I am working in a big project using SVN and many times I have to go see things in other people's branches and play with them. But I want to keep those changes local, never commit them. By mistake, though, its very easy to type svn ci -m"blabla" and commit my changes in someone else's branch. The branches have some identifier to know who they belong to, so for instance we have:


And mine would be project-bb. Is there a way of making sure that I commit on the right branch? For instance, whenever I commit, if the text on the path does not contain "-bb", then ask me if I am sure.

Is this possible?


I would use a shell function:

svn () {
    if [[ $1 == "ci" || $1 == "commit" ]] && [[ $PWD != *"-bb"* ]]; then
        echo "don't commit to someone else's branch" >&2
        return 1
    # now, do the actual svn command
    command svn "$@"  # quotes are crucial here
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You could make a bash script wrapper that you'd place earlier in your PATH or by renaming the existing svn program file.

That script would simply check if the parameters include that string and react depending if it's found or not.

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  • Thanks. I know nothing of bash, is there a ready-made thing for this, or could you get em started please? – ddeunagomez Jun 9 '16 at 7:27
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    Now would probably be a good time to learn. Based on your question, you already know one or more programming language and your request is actually very simple, so with a bit of effort you could at least give it a try. It could use grep to find the string and check the return value with a condition (if) to determine if an additional validation is required (done with a read), and if it fails exit. – Julie Pelletier Jun 9 '16 at 7:36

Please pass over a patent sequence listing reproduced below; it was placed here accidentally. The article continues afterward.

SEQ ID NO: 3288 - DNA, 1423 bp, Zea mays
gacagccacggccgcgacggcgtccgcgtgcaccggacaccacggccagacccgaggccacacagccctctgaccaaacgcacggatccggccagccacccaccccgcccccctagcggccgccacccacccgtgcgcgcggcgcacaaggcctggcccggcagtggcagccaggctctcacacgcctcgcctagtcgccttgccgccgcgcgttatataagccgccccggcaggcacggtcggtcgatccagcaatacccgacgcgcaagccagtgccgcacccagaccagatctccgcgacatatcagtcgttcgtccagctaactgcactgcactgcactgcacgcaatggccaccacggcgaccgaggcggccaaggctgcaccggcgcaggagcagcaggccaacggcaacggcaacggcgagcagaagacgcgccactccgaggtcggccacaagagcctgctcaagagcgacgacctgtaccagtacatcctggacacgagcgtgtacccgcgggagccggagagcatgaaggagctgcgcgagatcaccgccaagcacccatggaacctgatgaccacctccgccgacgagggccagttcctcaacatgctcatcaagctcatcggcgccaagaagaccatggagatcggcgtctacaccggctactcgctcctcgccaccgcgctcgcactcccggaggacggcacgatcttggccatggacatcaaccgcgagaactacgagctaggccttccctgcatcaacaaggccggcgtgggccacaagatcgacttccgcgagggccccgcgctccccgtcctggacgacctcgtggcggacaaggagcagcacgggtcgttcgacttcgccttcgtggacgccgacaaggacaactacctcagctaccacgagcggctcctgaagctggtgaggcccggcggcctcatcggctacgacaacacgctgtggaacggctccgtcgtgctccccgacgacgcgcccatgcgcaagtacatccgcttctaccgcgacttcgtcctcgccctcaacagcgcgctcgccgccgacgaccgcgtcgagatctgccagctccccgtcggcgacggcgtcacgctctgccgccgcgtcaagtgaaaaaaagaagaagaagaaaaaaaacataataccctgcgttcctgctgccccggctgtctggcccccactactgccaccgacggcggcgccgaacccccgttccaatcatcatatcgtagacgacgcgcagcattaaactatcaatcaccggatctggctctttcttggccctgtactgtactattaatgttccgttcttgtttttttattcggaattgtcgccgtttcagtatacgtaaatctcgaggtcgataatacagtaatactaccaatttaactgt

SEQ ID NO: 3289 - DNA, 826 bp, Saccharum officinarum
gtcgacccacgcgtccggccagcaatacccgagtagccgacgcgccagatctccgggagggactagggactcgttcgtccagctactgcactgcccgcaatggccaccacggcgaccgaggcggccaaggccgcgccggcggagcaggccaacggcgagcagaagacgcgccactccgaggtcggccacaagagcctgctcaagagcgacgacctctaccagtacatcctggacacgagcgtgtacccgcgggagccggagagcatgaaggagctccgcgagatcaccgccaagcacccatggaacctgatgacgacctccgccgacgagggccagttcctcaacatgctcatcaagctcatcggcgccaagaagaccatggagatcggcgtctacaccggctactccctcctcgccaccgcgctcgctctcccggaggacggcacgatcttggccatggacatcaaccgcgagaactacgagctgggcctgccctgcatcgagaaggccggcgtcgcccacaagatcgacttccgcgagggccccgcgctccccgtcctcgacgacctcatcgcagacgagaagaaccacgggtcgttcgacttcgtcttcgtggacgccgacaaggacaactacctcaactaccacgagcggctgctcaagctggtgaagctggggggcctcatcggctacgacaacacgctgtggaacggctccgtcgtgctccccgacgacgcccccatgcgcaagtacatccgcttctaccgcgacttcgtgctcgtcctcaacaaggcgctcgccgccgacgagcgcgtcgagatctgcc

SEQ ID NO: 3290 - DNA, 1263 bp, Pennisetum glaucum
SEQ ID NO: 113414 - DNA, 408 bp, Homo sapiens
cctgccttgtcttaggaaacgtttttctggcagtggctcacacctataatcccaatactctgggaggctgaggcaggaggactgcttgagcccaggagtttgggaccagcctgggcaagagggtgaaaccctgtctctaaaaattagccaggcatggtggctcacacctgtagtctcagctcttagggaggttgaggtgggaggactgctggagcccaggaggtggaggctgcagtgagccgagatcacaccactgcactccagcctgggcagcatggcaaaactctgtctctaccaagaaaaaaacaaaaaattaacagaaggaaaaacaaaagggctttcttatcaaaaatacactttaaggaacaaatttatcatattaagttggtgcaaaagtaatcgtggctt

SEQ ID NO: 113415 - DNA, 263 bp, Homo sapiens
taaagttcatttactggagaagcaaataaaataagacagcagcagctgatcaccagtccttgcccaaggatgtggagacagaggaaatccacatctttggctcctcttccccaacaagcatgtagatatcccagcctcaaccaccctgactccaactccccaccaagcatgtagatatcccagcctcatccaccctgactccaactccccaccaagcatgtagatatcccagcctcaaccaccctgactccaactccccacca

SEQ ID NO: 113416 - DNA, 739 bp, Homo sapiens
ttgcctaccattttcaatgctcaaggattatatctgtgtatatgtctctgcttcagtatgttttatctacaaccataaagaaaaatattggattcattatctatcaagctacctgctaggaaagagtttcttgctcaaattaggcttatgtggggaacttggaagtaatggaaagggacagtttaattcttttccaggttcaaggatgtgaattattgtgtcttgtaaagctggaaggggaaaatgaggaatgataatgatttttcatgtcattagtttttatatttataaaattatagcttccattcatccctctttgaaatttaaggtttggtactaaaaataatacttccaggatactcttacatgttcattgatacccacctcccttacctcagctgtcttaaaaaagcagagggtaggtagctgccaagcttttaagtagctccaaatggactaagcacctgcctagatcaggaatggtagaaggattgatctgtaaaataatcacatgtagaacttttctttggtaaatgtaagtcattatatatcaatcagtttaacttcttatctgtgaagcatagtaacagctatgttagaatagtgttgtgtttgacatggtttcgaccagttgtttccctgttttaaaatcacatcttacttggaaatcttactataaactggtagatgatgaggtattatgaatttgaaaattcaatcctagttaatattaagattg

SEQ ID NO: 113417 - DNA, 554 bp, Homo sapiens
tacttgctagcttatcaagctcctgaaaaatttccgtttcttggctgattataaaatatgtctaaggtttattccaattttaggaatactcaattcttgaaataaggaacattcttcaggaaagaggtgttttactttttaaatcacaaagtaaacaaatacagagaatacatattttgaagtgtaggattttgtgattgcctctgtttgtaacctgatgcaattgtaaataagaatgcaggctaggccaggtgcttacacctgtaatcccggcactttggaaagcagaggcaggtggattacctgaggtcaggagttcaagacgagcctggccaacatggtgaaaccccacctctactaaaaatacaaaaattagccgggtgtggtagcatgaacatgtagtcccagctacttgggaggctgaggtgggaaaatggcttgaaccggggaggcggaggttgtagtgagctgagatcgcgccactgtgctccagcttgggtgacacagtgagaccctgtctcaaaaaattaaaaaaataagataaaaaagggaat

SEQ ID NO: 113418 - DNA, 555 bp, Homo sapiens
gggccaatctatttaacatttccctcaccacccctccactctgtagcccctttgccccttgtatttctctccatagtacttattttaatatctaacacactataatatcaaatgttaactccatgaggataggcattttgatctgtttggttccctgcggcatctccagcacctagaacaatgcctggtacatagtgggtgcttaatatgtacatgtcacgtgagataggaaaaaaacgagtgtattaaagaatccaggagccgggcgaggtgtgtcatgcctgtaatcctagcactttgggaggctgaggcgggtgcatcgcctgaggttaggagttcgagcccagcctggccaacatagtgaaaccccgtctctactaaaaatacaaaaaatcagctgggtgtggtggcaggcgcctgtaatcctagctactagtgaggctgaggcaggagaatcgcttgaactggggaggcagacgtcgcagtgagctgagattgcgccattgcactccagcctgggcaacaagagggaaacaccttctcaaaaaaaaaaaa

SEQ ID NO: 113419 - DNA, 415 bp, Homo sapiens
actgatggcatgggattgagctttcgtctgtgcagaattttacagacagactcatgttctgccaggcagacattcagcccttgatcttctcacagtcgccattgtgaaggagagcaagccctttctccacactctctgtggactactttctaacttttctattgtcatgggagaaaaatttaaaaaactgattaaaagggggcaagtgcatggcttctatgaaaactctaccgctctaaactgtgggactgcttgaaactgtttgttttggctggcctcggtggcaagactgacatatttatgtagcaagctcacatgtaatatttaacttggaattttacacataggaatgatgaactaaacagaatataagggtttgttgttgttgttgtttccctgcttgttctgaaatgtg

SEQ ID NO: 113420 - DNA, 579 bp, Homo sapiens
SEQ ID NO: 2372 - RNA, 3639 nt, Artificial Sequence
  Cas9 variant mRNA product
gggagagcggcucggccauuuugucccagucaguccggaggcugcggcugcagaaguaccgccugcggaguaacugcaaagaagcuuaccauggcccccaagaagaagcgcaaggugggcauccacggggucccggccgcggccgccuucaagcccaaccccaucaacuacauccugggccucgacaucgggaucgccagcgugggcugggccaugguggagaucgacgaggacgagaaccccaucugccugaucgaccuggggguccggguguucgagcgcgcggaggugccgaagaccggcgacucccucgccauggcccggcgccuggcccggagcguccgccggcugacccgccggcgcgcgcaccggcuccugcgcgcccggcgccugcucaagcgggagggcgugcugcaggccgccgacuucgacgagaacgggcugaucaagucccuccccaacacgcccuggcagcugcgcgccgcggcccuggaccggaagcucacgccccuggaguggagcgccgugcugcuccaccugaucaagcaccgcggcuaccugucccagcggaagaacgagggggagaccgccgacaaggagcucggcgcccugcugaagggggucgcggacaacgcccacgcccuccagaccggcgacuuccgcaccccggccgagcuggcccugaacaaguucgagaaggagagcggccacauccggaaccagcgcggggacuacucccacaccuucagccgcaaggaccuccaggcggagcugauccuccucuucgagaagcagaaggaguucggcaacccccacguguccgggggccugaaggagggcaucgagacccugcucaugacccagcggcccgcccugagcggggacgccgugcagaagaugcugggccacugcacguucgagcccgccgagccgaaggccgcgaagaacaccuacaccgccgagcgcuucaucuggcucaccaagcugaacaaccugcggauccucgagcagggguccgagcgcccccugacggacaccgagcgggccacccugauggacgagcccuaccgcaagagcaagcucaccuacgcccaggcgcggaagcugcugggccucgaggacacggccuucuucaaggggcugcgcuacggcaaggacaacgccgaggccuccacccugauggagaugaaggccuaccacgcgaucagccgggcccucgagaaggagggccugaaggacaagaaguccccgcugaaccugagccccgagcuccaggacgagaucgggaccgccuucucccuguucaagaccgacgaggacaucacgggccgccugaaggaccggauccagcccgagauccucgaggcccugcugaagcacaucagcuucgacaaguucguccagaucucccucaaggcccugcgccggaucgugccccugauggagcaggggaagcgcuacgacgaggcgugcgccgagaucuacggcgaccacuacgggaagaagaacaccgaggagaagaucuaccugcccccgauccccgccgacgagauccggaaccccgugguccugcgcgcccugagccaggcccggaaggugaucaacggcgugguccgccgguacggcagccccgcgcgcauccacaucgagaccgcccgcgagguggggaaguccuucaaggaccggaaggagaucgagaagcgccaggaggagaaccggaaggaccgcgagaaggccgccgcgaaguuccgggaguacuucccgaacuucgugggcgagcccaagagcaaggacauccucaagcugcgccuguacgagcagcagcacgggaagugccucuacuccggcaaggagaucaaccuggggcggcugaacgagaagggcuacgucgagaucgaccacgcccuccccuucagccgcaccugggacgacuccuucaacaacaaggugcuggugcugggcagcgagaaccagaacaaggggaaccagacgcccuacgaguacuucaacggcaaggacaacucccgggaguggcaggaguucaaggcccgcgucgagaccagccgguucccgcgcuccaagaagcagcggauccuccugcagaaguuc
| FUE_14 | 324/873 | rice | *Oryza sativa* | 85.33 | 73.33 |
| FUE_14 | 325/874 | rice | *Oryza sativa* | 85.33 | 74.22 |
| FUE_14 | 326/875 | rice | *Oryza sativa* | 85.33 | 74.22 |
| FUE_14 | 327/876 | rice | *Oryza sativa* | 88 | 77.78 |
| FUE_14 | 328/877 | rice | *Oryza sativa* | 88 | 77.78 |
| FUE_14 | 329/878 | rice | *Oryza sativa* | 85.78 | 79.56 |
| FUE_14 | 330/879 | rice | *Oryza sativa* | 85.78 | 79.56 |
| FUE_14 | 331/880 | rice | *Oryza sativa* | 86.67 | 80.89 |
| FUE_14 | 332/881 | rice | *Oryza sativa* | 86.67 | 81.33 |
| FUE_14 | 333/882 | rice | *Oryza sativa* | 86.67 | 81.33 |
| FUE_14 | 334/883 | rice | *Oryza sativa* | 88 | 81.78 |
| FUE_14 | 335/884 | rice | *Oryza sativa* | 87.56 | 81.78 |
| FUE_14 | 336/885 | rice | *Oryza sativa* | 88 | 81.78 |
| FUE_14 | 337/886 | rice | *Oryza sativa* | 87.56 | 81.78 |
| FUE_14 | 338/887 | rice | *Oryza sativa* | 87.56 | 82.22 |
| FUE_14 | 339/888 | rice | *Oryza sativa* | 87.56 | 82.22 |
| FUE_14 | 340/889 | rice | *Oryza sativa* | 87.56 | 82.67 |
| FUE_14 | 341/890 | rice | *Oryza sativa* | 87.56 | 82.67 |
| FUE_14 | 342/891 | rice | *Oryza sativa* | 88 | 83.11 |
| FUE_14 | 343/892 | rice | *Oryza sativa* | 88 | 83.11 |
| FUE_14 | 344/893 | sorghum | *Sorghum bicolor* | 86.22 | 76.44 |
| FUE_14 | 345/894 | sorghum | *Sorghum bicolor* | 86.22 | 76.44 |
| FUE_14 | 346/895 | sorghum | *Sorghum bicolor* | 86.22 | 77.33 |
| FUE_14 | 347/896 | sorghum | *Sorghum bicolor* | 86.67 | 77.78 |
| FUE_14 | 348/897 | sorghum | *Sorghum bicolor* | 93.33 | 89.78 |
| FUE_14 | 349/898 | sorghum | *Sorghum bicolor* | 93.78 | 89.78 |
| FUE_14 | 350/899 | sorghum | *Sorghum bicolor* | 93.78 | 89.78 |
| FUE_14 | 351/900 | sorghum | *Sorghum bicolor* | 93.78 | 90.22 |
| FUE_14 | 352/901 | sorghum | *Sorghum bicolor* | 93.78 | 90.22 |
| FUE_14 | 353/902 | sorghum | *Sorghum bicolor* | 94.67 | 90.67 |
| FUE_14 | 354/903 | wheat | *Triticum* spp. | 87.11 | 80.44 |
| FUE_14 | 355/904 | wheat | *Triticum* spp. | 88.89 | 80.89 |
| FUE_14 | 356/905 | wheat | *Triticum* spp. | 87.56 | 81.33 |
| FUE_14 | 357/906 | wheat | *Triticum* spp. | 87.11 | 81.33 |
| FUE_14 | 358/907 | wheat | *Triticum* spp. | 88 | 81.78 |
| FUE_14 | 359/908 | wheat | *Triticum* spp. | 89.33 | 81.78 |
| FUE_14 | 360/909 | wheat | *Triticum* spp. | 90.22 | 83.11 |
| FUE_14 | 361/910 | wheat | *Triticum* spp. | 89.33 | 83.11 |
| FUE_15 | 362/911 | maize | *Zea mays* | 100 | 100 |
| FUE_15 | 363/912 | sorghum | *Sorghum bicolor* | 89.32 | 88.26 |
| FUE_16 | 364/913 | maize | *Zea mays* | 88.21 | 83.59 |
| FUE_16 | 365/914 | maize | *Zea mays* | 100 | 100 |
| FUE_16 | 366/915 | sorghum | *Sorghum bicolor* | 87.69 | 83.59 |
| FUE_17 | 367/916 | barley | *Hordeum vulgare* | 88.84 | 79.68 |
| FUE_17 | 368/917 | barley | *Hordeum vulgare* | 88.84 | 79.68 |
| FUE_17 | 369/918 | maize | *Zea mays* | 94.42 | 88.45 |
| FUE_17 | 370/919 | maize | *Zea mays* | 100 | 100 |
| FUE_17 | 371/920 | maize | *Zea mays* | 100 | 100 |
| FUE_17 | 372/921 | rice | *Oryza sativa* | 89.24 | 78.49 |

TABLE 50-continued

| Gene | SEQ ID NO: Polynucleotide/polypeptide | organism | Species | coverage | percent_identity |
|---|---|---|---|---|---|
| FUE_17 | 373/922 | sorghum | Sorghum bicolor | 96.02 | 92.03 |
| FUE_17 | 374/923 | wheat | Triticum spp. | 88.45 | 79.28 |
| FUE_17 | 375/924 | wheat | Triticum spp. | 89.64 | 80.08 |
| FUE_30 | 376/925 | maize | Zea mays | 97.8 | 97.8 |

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    You apparently know more than you were saying. You could set it up as an alias but should still put it in a shell script and use the original arguments (/path/svn $*) when you go forward with the operation. – Julie Pelletier Jun 9 '16 at 8:11
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    The only problem I'm still wondering about is your quoted comment. – Julie Pelletier Jun 9 '16 at 8:16
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    After a few tests, it appears that you should use /path/svn "$@" – Julie Pelletier Jun 9 '16 at 8:58

Make those checkouts via git-svn. You get the benefits of git (e.g. very fast switch between branches, nicer diff, full local copy for working offline, …), and any commit that you make would go to your local git repository, you would need to do an extra push step to send code back to svn.

git-svn isn't always very robust, it sometimes fails to synchronize changes from svn and pushing changes back to svn is sometimes painful. But for your use case that wouldn't matter.

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  • I preffer avoiding git as much as possible, honestly. I understand people like it, but I just think its a burden to get work done, I always spend 10 hours figuring out what command I want, realising I commited but did not push.. I don't think there is any point in using git unless the repositories are somewhat "ranked" – ddeunagomez Jun 10 '16 at 6:10

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